To reach our goal of beating cancer sooner we need diverse teams of the most talented researchers working together to prevent, diagnose and treat cancer. Unfortunately, even though percentages of women in science have increased in nearly all fields over the last 10 years, women still face barriers to progressing to more senior roles.
For International Women’s Day, we spoke to three of our incredible researchers about their experiences as women in cancer research and what they think we need to do to secure the next generation of talented scientists.
Professor Kairbaan Hodivala-Dilke
Professor Hodivala-Dilke is Deputy Institute Director at Barts Cancer Institute and a Professor of the Tumour Microenvironment. Her research focuses on improving how well chemotherapy and other cancer treatments work by understanding how the environment surrounding tumours contributes to their growth and interacts with cancer treatments.
When I first started in research, I remember being told that I need to stop ‘being a woman’ if I wanted to be a successful scientist – interestingly, it was a successful female scientist who told me that. But I couldn’t accept that then and now most women won’t accept that.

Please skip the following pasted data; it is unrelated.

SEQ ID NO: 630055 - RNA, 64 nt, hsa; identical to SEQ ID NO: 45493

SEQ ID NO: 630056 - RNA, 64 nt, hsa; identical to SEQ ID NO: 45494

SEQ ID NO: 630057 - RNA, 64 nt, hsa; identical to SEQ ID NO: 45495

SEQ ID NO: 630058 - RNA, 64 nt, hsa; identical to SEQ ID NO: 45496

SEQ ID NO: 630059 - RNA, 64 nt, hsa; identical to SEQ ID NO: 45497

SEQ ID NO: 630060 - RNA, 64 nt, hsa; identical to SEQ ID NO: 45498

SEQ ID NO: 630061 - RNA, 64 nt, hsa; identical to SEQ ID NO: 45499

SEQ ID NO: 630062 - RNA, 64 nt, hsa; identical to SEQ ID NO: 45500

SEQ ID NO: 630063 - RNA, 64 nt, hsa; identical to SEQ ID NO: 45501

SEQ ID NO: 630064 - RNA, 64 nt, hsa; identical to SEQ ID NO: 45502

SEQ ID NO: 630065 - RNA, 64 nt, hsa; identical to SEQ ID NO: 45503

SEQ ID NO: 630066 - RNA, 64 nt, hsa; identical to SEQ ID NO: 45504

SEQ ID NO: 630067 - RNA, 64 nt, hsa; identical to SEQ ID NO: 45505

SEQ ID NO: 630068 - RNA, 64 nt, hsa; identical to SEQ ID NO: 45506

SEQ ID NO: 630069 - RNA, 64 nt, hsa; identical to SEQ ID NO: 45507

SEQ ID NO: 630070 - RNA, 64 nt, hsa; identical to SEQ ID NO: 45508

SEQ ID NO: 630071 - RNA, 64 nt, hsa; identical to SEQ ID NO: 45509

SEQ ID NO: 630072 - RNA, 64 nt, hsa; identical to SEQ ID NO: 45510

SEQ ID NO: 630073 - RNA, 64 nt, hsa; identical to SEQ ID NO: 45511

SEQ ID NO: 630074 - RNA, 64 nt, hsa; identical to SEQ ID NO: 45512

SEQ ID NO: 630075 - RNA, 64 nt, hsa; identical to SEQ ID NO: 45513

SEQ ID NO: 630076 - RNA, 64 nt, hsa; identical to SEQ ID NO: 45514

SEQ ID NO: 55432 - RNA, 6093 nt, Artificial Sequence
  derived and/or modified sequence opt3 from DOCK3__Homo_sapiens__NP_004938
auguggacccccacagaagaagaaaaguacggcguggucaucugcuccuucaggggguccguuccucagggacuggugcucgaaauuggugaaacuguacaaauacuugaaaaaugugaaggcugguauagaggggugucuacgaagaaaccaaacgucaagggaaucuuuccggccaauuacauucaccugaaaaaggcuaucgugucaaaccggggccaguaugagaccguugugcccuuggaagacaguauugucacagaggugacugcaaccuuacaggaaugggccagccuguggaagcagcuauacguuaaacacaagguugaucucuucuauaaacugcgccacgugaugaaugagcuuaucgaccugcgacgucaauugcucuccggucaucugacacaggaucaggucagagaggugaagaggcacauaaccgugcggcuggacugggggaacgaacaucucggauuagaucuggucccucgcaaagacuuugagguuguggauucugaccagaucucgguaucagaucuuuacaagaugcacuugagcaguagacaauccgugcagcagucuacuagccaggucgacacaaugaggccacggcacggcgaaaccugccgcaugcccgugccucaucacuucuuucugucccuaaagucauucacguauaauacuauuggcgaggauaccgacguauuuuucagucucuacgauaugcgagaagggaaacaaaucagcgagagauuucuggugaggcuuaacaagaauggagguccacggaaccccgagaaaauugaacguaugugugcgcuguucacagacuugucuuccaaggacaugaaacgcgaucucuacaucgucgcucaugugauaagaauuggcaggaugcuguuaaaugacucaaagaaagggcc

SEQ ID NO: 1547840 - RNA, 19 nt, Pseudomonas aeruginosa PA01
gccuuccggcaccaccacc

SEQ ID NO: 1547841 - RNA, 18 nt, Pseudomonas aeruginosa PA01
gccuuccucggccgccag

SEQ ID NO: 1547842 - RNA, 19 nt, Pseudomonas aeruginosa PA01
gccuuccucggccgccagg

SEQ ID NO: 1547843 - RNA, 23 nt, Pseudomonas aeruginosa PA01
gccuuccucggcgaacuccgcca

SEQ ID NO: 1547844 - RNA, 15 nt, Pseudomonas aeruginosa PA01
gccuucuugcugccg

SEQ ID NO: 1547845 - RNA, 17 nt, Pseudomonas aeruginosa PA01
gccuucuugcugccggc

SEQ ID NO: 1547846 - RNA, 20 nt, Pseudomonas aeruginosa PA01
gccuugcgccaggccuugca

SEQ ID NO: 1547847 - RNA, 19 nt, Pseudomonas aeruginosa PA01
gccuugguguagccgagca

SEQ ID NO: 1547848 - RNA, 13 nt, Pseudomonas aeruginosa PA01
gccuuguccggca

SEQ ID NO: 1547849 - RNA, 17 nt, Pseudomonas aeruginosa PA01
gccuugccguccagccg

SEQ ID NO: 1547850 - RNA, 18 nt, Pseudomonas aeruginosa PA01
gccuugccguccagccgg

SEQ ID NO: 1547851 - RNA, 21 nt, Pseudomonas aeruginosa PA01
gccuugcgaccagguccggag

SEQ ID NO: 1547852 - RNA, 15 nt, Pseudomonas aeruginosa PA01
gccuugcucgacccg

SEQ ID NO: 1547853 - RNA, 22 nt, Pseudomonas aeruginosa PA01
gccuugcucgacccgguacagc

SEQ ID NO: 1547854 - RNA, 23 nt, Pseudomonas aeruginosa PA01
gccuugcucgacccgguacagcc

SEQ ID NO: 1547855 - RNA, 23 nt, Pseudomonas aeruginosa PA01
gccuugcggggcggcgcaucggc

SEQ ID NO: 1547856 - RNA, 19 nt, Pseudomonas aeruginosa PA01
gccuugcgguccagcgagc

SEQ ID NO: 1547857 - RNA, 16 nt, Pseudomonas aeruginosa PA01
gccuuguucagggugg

In 1999, as a young principal investigator, I once attended a senior staff meeting and I was the only woman at the table. As such, I was expected to take the minutes and was excluded from the business discussion. It’s hard to really say how that made me feel. I was insulted, angry and demoralised. I remember thinking “if this is how it’s going to be, I might as well give up”.
At that time, there was no mechanism or system to even help women process this type of behaviour, let alone to give a woman the confidence to say something and stand up for herself. It was a silent battle. But that wouldn’t happen now, at least not where I work, and we need to make sure that women don’t accept that sort of behaviour anymore.